Then, at 6:30am, less than 50 meters from the top, and still, in my opinion, “seeing Everest at sunrise,” I (and 6 others) called it quits. The altitude had taken its affects. Each breath of air was a painful struggle to find, I was legitimately worried about losing my toes and/or fingers.  The other people on the trip claim it was their highlight, making it to the top, and I so wish I could have joined them, but pushing through wasn’t an option for me, I had hit my physical peak. Enough was enough. I was ready to go down.

To put things in perspective when people summit Mt. Everest they go another 3km into the air. ANOTHER 3KM!! That’s so insane to me, I have so much respect for anyone who has gone past Base Camp, the extreme conditions truly are not meant for human beings.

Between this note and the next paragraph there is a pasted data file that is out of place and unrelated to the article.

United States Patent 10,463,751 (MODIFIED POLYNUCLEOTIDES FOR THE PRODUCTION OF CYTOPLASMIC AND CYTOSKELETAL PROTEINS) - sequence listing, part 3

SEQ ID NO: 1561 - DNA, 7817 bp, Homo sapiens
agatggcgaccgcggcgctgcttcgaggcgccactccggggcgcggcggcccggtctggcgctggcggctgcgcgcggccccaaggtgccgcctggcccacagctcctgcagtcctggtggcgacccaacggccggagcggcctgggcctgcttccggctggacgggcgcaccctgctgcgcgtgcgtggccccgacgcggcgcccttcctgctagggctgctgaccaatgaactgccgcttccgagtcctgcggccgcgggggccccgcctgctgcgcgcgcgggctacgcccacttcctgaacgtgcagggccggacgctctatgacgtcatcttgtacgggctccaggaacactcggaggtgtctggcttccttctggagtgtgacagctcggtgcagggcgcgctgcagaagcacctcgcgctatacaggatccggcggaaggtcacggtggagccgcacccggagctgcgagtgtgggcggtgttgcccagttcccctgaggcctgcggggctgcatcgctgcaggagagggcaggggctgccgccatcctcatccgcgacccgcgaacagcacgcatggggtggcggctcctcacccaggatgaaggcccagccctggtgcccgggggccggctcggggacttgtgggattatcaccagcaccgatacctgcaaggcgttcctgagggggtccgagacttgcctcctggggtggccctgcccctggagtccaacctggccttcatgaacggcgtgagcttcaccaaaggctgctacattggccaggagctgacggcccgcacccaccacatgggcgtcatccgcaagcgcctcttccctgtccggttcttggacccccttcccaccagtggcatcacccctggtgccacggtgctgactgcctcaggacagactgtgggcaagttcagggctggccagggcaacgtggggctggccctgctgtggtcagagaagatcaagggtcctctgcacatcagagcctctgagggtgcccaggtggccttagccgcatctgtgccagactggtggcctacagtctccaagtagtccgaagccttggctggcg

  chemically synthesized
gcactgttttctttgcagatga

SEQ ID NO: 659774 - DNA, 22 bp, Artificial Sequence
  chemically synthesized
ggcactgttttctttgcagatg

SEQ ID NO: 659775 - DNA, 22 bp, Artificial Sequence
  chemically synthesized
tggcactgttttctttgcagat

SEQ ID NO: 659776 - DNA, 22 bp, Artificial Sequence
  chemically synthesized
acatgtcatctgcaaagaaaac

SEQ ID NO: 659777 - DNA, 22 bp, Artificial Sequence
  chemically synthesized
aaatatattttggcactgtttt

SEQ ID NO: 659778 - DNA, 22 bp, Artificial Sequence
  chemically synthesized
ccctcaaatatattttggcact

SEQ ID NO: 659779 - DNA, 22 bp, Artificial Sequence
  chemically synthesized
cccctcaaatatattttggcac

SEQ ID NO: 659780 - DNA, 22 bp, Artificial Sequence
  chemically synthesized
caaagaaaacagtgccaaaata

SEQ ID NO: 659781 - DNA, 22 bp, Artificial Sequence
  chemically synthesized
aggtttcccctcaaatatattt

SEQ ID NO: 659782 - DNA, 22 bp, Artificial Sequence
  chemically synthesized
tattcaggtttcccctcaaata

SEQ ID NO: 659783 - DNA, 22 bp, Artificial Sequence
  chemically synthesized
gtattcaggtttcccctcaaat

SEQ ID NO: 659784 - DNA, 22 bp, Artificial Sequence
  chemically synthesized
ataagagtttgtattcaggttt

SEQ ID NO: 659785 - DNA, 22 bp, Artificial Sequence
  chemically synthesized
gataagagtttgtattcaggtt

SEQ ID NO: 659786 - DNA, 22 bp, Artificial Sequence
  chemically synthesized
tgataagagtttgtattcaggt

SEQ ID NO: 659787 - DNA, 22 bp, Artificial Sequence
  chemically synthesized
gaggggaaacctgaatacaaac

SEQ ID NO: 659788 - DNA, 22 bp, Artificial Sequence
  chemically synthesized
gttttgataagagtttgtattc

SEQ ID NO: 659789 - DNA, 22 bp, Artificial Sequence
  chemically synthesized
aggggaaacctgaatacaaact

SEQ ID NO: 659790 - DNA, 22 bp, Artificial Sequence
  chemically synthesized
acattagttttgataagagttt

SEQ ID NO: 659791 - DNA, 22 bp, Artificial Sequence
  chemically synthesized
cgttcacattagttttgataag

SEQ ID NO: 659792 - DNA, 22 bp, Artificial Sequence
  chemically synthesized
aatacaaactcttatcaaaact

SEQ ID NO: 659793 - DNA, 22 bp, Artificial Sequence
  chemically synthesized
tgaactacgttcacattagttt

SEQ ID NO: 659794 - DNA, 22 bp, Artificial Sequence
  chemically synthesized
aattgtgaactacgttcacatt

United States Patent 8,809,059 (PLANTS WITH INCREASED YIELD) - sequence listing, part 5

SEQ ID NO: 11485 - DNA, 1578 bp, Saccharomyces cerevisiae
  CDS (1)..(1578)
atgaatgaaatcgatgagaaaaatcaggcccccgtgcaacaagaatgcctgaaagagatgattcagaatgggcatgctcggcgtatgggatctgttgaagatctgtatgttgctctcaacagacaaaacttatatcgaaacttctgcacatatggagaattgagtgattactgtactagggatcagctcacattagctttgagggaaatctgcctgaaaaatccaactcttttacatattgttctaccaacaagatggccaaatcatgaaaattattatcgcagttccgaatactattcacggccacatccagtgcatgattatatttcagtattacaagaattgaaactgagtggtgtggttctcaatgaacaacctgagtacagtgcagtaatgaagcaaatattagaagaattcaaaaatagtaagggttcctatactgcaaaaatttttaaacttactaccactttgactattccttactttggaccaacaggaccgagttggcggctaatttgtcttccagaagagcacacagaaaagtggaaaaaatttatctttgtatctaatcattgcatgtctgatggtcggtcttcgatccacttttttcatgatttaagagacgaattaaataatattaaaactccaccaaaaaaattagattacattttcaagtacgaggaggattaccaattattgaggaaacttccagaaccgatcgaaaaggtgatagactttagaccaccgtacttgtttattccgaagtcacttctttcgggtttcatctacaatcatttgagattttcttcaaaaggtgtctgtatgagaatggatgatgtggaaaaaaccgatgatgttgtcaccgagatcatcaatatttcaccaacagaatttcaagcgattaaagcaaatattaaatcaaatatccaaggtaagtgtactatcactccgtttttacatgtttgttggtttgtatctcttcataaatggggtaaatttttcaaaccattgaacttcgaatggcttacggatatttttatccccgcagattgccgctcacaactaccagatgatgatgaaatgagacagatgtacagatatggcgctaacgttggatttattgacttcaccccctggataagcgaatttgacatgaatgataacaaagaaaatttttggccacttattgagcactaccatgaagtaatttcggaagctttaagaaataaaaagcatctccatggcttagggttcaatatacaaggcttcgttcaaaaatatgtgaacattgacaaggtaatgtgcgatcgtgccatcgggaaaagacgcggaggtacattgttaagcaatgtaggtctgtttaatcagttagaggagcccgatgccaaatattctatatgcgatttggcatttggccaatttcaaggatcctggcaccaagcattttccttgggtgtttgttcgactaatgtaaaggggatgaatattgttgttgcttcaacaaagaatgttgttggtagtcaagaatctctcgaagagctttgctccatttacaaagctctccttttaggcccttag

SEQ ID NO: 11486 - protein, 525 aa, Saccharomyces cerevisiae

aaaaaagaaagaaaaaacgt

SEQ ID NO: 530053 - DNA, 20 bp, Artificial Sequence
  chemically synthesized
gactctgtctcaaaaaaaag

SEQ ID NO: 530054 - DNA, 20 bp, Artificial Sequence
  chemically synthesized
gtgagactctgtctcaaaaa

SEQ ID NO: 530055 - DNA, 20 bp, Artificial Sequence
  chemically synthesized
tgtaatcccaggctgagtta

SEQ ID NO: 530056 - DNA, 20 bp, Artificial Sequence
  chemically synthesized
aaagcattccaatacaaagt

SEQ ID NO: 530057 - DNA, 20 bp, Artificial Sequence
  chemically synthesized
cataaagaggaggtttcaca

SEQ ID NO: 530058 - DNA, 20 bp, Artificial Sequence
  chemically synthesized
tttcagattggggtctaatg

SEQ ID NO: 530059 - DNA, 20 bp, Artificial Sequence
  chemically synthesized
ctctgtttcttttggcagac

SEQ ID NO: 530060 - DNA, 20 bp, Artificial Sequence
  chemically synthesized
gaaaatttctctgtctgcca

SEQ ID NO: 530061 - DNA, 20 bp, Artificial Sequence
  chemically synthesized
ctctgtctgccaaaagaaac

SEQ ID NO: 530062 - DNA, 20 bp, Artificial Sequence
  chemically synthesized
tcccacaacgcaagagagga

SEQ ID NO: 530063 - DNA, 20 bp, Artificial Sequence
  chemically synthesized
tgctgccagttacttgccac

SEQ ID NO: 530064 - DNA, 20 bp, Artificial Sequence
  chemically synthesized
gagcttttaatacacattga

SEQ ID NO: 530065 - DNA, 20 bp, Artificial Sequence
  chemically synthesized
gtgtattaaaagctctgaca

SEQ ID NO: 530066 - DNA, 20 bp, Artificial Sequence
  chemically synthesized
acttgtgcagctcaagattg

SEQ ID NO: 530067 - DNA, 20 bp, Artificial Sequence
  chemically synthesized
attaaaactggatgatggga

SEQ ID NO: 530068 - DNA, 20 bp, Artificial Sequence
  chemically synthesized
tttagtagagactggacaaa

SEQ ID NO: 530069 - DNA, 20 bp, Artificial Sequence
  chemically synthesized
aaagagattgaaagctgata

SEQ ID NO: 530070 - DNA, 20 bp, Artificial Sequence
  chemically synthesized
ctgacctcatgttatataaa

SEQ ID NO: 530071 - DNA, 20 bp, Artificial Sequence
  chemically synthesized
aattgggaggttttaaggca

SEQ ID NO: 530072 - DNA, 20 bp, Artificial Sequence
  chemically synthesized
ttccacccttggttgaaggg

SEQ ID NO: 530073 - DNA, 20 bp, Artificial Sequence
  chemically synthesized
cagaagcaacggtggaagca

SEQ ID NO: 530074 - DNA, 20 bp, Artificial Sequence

Live-Liz Now :)

So yup, those are just some entries from the good old leather diary.  I wrote every day on the descend too, but won’t publish it.  Damo and I parted ways in Kathmandu, but him, along with the other 15 people and I all remain friends (and nothing more. Re: Damo, although he truly is a very good person, and taught me a lot about living in the moment, turns out friendship was in the cards for us. And besides, I have my eye on another boy now :)).

It was an incredible thing we all did together, and I have no doubt most of the friendships will last my lifetime. And, of course, the spectacular memories.  

November 14th, 2011
80 notes ·

~ Random Photo Monday: Nepal ~

November 11th, 2011
66 notes ·

My friend planking at 5,235 meters. Beat that. 

One of my favourite photos from my Mount Everest trek. 

November 5th, 2011